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Frequently Asked Questions

Advice from Our St. Louis County Family Law Attorneys

When you are facing a divorce or family law issue, it is important that you have the guidance you need on your side, even when emotions run high. At Coulter Goldberger, LLC, we are dedicated to ensuring that you know your legal options so you can protect your family and your best interests.

Read answers to some frequently asked questions below or call to schedule your free, one hour consultation with a licensed St. Louis County family law lawyer.

What Should I Do If I’ve Been Served With Divorce Papers?

After you’ve been served, it is important that you respond promptly. If you ignore the summons or if you do not respond in time, you can face consequences that include loss of spousal support or child custody or an imbalance in property division matters. Protect your best interests and contact a family law attorney immediately.

What Am I Required To Provide Before Filing For Divorce?

Before filing a divorce petition, you will be required under Missouri state law to provide your spouse with an accurate statement of your income and debts, an accounting of your property, and a number of other documents required by the court. Gathering this information is often complicated and all documents must be filed with the court in accordance with strict time limits.

Who Will Get Custody Of My Children?

The state of Missouri looks at a number of factors when deciding on child custody arrangements. This includes the needs and wishes of the child or children, both parents’ willingness to cooperate, the child’s relationship with parents, siblings, and other family members, the health of both parents, the financial resources of both parents, and any adjustments that the child will have to make with the custody arrangement. The custodial parent may also be entitled to child support to help your children adjust to their post-divorce life.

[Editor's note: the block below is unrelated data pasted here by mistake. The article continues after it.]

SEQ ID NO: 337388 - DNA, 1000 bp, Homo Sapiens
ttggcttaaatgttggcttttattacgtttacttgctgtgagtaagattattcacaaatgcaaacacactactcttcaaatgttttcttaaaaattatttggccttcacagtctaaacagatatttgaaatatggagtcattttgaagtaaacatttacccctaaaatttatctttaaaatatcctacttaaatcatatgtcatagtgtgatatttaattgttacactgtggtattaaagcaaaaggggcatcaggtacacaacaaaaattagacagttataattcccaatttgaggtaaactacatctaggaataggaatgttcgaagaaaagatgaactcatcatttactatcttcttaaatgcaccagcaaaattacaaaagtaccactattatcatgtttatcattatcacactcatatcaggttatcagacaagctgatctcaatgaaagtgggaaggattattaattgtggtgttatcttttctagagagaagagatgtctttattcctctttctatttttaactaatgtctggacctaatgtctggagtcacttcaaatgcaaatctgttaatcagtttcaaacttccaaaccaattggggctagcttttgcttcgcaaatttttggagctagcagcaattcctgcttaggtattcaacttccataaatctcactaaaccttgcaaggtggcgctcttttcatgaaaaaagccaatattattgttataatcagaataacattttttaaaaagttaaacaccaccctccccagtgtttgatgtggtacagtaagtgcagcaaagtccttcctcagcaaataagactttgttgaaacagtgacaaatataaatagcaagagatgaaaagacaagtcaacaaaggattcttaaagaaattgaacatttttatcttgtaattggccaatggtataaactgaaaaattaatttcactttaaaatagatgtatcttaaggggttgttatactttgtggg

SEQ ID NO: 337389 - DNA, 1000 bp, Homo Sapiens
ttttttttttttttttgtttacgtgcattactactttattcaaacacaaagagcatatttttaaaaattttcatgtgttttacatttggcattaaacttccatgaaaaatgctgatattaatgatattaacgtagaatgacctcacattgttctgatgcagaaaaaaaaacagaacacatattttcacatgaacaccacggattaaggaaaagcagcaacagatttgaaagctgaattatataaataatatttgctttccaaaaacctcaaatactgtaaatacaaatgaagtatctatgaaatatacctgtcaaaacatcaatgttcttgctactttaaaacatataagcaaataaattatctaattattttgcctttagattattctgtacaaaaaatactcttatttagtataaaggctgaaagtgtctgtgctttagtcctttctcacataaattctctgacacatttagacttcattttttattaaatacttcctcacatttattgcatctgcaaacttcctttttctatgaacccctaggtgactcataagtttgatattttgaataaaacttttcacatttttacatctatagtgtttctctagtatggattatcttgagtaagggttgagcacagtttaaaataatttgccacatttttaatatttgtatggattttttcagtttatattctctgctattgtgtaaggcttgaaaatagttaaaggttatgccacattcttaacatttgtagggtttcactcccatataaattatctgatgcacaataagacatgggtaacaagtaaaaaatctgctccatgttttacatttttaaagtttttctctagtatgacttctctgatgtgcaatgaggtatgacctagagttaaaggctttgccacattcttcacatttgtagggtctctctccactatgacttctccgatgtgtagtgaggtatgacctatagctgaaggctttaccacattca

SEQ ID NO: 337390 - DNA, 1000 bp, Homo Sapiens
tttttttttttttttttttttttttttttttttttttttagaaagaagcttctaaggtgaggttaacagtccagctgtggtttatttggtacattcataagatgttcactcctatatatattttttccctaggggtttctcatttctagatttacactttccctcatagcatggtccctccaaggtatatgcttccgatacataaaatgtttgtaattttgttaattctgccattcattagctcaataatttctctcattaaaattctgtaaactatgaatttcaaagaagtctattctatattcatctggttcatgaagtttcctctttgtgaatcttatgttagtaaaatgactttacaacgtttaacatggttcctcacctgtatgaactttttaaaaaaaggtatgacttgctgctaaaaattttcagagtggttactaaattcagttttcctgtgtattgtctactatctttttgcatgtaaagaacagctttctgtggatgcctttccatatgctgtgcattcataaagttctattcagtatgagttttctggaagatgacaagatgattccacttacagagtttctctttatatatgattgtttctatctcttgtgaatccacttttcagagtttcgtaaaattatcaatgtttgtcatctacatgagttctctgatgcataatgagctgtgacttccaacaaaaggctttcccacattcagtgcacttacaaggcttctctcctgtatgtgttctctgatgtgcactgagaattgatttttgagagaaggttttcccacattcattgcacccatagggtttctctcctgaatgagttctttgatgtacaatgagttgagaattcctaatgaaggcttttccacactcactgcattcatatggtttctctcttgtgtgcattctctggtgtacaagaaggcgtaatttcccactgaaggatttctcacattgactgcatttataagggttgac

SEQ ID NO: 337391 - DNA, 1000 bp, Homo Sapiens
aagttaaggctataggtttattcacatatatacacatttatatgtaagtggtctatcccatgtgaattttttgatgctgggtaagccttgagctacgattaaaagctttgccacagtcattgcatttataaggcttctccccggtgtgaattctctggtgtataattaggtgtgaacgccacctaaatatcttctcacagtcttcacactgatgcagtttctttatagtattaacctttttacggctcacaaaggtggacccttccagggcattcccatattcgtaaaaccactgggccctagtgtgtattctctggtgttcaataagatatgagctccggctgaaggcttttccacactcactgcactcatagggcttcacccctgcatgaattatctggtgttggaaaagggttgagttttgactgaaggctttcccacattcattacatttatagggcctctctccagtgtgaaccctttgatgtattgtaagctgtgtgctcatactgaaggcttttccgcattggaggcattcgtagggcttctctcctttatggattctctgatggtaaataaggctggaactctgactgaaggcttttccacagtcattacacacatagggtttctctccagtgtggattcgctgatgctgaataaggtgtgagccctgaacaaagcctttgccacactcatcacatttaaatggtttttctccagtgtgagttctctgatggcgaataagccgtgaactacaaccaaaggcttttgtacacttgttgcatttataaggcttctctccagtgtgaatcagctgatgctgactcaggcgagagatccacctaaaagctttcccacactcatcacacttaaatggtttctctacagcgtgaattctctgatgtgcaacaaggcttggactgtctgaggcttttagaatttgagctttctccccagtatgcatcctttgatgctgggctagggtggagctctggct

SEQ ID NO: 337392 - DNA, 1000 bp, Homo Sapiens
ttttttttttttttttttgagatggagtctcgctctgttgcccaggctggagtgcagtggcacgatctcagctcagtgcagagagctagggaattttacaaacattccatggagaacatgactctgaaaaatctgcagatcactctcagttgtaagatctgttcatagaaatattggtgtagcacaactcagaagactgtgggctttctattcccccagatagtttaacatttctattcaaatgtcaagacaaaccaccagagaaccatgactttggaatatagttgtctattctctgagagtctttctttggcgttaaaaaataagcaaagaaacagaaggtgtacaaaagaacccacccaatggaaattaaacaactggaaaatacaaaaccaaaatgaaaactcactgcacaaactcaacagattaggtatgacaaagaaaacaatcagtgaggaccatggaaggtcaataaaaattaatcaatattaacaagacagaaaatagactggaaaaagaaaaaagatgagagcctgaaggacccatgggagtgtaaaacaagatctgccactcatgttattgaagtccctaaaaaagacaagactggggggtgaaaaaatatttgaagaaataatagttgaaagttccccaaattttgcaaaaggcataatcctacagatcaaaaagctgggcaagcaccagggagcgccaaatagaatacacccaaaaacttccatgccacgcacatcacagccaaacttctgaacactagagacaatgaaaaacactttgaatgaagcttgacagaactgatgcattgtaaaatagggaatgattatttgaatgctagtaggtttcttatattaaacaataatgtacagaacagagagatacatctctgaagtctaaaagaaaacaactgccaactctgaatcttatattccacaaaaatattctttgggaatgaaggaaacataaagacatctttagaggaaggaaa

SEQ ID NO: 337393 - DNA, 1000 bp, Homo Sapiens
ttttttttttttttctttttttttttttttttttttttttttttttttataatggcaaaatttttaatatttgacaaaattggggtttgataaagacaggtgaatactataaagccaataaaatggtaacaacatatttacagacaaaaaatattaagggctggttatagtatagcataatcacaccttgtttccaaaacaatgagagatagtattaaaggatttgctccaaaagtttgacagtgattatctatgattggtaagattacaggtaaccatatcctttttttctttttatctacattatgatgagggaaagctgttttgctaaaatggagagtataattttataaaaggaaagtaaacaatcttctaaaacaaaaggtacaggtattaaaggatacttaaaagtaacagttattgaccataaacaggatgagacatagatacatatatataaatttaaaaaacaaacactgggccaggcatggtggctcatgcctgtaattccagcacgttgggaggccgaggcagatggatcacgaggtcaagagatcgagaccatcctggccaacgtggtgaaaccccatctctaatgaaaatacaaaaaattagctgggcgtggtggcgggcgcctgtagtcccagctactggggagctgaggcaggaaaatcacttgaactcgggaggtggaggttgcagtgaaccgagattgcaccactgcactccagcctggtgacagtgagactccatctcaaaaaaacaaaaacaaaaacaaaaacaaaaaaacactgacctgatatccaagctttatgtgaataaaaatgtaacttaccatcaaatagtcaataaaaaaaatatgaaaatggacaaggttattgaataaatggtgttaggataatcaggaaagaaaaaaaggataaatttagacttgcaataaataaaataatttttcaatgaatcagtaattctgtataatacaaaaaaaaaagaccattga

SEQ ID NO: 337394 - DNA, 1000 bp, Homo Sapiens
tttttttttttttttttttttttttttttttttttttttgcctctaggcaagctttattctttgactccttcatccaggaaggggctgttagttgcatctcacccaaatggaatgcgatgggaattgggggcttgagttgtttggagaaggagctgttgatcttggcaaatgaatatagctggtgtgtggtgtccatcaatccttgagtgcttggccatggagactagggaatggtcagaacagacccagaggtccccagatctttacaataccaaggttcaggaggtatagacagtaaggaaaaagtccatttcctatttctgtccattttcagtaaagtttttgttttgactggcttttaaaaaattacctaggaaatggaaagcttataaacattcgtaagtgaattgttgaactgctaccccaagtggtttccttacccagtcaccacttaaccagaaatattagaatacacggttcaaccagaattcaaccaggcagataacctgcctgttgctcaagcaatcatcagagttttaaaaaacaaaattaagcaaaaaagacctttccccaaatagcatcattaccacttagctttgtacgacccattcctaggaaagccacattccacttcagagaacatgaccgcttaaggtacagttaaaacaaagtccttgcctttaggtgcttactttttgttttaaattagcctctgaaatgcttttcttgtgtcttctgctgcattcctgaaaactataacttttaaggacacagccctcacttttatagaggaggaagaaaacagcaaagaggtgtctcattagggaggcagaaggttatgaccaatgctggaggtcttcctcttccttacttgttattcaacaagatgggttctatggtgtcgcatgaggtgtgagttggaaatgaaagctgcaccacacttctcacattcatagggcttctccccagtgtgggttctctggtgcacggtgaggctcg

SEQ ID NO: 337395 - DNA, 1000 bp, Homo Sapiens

Can I Receive Alimony?

Alimony, also known as spousal support or spousal maintenance, is awarded to a spouse to help them get back on their feet financially after a divorce. This award is based on the length of the marriage, the standard of living each spouse was accustomed to during the marriage, the financial resources, debts, and earning capacity of each spouse, and any instance of bad behavior, such as domestic abuse or negligence, that occurred during the marriage.

My Situation Has Changed, Can I Amend The Terms Of My Divorce Agreement?

When you are considering a move, if you’ve lost your job, if you’ve gotten remarried, or if you are facing another major life change, you may petition to court to have the terms of your divorce agreement modified. This can include revising the terms of your custody arrangements, modifying the terms of your spousal or child support payments, denying parental visitation because of abuse, or determining who is responsible for certain financial obligations in your child’s life.